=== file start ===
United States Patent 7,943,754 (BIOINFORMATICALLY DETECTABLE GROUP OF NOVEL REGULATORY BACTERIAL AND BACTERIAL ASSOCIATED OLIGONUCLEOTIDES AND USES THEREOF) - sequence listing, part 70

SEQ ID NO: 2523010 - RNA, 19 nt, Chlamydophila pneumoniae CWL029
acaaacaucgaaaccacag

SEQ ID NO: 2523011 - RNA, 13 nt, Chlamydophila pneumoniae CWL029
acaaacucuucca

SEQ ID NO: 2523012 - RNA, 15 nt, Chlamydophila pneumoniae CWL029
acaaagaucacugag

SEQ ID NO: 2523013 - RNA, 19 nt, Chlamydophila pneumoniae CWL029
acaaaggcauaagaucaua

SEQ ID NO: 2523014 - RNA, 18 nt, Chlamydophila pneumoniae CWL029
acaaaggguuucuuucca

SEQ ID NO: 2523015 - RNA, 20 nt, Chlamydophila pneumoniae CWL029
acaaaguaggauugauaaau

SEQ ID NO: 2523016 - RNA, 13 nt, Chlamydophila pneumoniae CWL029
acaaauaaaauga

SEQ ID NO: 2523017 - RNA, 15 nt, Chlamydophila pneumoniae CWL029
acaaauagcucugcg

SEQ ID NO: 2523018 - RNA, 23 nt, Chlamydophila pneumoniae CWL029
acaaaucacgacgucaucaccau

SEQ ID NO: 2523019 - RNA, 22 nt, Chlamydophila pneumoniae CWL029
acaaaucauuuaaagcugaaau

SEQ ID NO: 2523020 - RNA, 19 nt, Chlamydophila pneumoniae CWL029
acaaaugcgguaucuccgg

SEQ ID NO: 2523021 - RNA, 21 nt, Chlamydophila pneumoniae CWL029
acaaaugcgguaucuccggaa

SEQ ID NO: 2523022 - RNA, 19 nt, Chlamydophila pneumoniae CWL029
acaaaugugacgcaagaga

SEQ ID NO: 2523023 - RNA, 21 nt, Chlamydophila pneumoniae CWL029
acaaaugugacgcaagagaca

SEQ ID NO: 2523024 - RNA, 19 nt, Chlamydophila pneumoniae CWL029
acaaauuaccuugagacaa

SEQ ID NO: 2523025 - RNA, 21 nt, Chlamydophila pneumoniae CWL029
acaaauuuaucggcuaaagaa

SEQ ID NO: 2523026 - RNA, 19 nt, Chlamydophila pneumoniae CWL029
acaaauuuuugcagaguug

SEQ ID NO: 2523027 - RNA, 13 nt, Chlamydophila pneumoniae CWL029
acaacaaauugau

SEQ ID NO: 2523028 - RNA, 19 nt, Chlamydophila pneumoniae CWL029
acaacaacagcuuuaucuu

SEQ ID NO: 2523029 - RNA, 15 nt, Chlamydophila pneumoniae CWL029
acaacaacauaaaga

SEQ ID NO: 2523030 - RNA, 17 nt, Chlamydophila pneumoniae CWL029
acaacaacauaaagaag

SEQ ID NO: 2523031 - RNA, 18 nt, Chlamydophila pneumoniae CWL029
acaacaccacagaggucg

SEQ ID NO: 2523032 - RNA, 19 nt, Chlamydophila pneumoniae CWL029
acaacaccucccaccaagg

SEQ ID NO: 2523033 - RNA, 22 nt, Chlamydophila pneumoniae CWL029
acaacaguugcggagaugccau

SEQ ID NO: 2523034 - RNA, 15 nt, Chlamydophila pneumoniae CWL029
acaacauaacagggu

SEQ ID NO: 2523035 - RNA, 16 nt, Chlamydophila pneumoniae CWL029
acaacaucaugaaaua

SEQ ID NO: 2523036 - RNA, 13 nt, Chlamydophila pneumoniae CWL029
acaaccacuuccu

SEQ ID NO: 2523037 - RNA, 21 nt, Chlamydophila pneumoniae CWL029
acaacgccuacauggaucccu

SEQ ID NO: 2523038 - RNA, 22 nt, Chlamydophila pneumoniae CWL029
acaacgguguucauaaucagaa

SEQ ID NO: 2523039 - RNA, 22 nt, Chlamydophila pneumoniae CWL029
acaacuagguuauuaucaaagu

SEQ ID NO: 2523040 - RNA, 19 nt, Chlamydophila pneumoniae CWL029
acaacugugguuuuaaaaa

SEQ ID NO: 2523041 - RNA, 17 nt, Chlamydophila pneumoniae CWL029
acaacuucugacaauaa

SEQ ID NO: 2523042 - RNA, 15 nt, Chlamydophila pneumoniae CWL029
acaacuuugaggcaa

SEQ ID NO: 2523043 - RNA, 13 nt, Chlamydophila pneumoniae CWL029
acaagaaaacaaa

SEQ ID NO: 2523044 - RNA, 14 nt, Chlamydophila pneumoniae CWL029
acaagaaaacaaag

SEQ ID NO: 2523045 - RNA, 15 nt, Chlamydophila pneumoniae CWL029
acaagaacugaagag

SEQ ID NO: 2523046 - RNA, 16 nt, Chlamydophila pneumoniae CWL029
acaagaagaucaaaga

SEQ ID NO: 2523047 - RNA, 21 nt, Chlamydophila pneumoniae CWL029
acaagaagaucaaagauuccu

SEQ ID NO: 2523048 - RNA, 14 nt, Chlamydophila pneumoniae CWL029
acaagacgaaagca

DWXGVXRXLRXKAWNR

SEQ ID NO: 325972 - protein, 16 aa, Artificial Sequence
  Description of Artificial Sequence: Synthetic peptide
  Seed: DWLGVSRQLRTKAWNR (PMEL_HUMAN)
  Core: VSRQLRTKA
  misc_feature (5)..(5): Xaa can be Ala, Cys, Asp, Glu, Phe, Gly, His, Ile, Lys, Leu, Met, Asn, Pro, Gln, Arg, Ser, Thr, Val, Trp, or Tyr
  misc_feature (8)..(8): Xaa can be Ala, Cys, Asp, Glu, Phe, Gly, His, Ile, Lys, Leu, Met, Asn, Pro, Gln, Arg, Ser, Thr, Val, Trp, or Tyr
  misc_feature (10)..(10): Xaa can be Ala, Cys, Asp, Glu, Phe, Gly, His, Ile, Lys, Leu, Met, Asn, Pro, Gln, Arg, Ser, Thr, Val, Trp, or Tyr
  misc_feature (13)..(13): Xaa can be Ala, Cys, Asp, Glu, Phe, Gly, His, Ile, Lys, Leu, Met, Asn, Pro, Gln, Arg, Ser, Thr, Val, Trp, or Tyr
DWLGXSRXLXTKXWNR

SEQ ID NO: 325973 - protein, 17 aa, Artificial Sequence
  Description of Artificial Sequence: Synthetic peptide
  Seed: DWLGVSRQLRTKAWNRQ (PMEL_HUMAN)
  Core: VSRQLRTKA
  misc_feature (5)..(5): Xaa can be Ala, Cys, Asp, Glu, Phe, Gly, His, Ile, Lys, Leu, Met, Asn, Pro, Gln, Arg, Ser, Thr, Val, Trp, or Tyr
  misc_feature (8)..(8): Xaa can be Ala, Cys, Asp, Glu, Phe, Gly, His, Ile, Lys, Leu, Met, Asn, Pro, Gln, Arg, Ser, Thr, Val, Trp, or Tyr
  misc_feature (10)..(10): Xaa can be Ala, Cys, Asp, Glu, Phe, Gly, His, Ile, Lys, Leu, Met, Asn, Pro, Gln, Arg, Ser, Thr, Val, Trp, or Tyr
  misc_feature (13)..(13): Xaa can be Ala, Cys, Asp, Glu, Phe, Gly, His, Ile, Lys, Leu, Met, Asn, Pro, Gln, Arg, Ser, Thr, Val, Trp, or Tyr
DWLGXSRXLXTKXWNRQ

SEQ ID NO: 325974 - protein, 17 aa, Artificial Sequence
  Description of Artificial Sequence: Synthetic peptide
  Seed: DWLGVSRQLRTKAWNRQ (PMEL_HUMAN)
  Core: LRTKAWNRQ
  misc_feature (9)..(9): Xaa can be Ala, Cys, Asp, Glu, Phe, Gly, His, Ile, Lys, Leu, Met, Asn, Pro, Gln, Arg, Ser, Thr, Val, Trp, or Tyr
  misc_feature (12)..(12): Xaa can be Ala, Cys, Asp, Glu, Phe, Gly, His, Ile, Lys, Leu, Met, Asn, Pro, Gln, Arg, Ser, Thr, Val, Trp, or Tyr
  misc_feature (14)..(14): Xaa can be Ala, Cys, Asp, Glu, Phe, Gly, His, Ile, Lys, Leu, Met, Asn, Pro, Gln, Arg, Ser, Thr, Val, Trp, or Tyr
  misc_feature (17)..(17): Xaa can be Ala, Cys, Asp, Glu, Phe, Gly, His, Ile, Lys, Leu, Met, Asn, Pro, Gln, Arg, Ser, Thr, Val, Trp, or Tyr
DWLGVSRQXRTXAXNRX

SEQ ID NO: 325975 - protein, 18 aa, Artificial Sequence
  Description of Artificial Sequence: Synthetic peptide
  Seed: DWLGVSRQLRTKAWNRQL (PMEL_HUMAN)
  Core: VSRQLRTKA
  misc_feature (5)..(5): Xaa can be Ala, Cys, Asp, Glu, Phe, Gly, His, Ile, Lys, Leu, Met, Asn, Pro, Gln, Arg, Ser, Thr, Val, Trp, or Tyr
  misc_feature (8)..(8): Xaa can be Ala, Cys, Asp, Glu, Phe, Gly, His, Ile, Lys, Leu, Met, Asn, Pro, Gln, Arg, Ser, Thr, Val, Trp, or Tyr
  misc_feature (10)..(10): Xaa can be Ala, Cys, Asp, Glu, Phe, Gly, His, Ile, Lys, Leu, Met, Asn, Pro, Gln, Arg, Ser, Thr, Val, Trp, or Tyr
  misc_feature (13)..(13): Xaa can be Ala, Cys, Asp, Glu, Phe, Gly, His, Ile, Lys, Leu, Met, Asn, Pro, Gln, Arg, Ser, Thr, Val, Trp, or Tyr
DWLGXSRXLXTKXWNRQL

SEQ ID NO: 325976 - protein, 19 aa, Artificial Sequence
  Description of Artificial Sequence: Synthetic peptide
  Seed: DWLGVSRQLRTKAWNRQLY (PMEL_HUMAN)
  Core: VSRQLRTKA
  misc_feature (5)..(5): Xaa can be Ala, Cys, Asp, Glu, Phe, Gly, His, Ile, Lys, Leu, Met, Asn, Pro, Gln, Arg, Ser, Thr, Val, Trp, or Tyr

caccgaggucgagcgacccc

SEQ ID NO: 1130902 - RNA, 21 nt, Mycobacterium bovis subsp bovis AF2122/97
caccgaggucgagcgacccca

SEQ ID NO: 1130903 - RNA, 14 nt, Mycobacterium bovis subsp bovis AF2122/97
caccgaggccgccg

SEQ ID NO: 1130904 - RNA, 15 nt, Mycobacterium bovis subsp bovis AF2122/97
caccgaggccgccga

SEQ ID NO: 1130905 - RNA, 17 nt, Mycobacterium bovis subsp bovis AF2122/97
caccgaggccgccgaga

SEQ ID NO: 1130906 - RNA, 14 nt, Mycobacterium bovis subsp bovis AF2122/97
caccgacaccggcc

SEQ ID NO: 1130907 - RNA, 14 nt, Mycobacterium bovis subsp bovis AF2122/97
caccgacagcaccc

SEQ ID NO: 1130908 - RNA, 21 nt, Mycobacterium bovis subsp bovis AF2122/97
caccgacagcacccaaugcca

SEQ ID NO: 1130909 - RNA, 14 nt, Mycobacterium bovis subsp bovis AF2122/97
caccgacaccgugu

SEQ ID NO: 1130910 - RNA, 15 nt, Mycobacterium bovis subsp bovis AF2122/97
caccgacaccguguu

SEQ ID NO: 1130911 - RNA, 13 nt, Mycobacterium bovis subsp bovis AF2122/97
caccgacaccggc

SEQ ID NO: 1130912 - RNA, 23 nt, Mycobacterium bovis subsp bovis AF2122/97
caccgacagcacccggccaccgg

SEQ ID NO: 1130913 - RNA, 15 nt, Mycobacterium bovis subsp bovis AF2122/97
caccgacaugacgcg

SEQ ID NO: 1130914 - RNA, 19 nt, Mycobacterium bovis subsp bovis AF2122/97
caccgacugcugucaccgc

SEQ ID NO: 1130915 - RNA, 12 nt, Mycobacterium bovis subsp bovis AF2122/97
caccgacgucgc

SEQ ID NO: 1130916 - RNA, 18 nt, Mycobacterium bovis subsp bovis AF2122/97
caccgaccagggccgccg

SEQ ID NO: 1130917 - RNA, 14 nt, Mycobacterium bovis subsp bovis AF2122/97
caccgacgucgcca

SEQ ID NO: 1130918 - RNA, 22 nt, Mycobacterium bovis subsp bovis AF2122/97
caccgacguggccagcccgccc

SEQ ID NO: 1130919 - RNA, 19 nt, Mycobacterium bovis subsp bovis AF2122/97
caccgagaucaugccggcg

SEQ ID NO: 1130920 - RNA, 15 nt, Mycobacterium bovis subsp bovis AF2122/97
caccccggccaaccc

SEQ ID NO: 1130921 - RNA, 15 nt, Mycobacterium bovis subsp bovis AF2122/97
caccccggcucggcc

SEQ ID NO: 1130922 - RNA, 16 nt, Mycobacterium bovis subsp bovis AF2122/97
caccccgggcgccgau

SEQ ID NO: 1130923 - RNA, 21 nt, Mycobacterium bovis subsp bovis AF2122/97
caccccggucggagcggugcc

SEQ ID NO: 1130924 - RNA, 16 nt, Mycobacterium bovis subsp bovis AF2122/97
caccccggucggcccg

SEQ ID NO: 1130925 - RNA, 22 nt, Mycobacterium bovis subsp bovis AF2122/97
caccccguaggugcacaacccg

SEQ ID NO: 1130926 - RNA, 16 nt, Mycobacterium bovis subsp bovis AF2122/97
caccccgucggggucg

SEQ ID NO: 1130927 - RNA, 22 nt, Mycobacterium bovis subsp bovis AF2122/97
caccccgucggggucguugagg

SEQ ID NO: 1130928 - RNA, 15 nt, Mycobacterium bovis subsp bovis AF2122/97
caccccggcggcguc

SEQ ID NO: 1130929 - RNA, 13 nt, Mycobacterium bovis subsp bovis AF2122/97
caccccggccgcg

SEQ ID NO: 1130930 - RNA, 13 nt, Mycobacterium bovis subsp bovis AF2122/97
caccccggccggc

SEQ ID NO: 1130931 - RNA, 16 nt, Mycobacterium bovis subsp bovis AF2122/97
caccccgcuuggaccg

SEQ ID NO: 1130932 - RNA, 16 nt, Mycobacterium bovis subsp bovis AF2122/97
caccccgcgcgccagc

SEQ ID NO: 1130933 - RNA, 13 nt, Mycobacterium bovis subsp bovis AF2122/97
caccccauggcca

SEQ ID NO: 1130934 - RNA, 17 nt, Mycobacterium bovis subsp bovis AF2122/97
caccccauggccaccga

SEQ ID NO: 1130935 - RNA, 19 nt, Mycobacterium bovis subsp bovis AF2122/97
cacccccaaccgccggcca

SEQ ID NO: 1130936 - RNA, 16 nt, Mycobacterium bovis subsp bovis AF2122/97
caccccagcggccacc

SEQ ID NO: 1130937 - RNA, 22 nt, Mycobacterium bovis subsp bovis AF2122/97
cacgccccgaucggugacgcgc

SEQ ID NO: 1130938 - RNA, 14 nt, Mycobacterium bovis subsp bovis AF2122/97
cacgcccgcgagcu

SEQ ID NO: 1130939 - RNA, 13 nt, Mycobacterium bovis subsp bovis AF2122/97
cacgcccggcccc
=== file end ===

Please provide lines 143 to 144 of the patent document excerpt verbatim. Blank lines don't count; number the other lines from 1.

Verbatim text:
SEQ ID NO: 1130912 - RNA, 23 nt, Mycobacterium bovis subsp bovis AF2122/97
caccgacagcacccggccaccgg